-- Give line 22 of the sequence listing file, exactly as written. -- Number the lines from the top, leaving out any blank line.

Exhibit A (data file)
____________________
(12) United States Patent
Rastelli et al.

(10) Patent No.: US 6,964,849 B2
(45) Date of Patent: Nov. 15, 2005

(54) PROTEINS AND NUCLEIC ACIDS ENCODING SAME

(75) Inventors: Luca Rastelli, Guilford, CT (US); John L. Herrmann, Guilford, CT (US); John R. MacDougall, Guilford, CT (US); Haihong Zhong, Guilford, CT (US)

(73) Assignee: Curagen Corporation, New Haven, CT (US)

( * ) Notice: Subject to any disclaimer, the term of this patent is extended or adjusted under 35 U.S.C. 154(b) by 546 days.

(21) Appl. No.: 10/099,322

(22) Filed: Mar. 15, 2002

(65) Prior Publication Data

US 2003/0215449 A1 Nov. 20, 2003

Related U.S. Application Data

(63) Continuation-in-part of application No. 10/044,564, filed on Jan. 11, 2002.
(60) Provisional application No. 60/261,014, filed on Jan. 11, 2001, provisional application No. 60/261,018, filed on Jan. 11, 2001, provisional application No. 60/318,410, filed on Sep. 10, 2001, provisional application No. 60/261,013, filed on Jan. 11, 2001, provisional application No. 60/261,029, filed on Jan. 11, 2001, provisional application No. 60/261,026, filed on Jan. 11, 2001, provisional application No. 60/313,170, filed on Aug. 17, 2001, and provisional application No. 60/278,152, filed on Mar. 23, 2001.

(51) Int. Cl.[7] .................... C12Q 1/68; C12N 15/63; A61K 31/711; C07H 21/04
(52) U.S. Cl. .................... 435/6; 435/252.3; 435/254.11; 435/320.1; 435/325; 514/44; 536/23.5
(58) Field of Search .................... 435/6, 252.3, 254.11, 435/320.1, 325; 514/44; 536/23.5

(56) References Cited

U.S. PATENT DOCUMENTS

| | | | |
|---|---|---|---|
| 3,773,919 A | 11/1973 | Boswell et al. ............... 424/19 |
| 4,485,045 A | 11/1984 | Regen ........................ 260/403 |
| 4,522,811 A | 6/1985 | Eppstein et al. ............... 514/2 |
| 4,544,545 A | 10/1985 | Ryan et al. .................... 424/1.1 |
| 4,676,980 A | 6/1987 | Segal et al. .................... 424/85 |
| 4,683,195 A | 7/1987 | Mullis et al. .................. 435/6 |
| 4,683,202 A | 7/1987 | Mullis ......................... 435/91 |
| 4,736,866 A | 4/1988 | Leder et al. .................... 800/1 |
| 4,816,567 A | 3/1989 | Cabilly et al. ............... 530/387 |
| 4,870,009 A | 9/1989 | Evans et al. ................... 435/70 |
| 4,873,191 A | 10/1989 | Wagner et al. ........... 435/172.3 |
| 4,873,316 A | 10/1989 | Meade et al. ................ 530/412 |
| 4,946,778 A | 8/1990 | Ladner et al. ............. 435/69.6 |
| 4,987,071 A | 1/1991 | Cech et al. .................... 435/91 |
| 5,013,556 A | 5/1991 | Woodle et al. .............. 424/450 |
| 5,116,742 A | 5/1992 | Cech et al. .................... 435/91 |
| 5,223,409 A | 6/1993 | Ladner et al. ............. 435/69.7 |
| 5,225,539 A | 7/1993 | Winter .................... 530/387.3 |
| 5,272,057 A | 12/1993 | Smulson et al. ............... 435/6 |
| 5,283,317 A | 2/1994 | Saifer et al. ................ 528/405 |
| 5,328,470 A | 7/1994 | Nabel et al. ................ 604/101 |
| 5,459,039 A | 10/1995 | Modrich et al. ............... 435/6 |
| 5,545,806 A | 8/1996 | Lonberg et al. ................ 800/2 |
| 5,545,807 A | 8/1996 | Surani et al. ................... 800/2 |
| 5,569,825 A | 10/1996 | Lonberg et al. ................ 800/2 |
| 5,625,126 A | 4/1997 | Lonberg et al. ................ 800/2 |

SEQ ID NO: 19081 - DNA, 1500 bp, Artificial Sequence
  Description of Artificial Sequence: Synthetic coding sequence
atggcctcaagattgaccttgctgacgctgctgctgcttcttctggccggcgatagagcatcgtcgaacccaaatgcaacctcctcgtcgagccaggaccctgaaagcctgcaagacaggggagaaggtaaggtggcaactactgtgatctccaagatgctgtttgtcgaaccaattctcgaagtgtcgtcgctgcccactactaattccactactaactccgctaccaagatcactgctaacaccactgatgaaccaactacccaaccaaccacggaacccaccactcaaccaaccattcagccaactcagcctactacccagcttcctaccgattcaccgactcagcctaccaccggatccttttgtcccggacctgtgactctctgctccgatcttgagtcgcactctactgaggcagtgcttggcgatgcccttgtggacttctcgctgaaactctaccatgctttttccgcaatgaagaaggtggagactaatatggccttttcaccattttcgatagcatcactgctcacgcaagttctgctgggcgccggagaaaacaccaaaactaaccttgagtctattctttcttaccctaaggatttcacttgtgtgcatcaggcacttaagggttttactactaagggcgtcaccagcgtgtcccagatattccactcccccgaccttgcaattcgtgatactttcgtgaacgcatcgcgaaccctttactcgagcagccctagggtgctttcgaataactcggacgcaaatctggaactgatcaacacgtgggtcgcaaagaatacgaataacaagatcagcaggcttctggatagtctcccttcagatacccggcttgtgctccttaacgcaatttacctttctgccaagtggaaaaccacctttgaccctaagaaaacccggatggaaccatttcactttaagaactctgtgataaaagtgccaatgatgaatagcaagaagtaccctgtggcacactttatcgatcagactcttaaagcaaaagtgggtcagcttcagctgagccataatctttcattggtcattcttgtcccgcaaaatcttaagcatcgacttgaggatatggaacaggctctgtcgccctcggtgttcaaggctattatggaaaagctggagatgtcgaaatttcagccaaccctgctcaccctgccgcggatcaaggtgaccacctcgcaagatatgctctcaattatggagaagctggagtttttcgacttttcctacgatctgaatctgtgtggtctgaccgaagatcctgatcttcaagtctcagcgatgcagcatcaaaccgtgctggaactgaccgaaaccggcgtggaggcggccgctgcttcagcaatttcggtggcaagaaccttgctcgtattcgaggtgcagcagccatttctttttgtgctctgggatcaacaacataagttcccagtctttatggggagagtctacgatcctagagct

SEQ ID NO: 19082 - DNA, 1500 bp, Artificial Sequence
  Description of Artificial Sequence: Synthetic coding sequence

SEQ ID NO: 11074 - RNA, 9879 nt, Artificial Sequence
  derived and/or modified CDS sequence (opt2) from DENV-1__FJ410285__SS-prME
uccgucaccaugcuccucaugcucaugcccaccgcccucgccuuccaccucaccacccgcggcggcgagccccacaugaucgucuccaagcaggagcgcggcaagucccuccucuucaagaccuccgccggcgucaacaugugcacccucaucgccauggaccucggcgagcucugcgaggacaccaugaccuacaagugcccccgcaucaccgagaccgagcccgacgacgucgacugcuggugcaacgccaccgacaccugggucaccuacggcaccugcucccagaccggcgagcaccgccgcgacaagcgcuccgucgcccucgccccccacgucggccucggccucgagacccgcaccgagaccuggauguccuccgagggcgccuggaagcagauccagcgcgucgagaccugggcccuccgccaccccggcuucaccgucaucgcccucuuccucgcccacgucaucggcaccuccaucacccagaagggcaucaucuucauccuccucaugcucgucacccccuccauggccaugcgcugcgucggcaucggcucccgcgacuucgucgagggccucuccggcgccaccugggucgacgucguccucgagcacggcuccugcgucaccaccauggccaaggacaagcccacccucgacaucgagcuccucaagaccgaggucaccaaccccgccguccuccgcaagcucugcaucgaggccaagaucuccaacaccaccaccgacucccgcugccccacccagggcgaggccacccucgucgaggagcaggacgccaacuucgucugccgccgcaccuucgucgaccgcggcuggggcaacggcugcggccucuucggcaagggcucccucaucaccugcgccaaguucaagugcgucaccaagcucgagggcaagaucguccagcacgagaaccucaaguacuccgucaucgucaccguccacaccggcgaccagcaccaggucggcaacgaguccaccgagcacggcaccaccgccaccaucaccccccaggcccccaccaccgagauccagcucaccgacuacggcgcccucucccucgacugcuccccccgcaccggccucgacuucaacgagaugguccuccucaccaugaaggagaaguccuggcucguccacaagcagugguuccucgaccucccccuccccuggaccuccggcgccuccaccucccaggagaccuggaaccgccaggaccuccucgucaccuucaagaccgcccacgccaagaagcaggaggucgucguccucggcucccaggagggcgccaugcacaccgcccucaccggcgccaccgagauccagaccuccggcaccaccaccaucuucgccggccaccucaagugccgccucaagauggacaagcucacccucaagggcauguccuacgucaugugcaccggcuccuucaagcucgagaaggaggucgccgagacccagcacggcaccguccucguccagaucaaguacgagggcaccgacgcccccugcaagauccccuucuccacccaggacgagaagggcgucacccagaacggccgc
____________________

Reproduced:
|---|---|---|---|